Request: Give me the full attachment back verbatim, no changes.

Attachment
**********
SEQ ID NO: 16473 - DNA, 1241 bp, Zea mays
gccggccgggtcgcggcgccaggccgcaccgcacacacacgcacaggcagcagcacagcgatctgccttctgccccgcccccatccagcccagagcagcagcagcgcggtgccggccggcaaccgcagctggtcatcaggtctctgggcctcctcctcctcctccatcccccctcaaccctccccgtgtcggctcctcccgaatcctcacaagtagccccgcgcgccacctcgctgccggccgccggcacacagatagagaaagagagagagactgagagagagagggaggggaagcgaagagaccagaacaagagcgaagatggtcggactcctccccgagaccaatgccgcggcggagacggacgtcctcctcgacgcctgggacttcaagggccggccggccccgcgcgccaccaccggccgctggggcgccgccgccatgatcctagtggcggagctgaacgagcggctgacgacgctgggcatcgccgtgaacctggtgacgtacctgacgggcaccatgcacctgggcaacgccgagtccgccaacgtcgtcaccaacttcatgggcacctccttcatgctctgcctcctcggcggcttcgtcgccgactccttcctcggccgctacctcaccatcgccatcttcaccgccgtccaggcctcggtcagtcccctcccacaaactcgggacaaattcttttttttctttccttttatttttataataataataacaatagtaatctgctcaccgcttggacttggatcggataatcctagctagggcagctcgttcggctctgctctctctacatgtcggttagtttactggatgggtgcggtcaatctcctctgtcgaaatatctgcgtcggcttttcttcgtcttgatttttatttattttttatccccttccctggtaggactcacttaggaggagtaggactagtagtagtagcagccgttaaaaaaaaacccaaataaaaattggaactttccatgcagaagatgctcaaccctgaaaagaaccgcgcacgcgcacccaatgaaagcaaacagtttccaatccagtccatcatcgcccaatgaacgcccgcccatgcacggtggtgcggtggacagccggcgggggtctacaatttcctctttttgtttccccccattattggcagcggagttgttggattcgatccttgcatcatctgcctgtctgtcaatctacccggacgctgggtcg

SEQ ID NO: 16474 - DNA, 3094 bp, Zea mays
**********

SEQ ID NO: 16473 - DNA, 1241 bp, Zea mays
gccggccgggtcgcggcgccaggccgcaccgcacacacacgcacaggcagcagcacagcgatctgccttctgccccgcccccatccagcccagagcagcagcagcgcggtgccggccggcaaccgcagctggtcatcaggtctctgggcctcctcctcctcctccatcccccctcaaccctccccgtgtcggctcctcccgaatcctcacaagtagccccgcgcgccacctcgctgccggccgccggcacacagatagagaaagagagagagactgagagagagagggaggggaagcgaagagaccagaacaagagcgaagatggtcggactcctccccgagaccaatgccgcggcggagacggacgtcctcctcgacgcctgggacttcaagggccggccggccccgcgcgccaccaccggccgctggggcgccgccgccatgatcctagtggcggagctgaacgagcggctgacgacgctgggcatcgccgtgaacctggtgacgtacctgacgggcaccatgcacctgggcaacgccgagtccgccaacgtcgtcaccaacttcatgggcacctccttcatgctctgcctcctcggcggcttcgtcgccgactccttcctcggccgctacctcaccatcgccatcttcaccgccgtccaggcctcggtcagtcccctcccacaaactcgggacaaattcttttttttctttccttttatttttataataataataacaatagtaatctgctcaccgcttggacttggatcggataatcctagctagggcagctcgttcggctctgctctctctacatgtcggttagtttactggatgggtgcggtcaatctcctctgtcgaaatatctgcgtcggcttttcttcgtcttgatttttatttattttttatccccttccctggtaggactcacttaggaggagtaggactagtagtagtagcagccgttaaaaaaaaacccaaataaaaattggaactttccatgcagaagatgctcaaccctgaaaagaaccgcgcacgcgcacccaatgaaagcaaacagtttccaatccagtccatcatcgcccaatgaacgcccgcccatgcacggtggtgcggtggacagccggcgggggtctacaatttcctctttttgtttccccccattattggcagcggagttgttggattcgatccttgcatcatctgcctgtctgtcaatctacccggacgctgggtcg

SEQ ID NO: 16474 - DNA, 3094 bp, Zea mays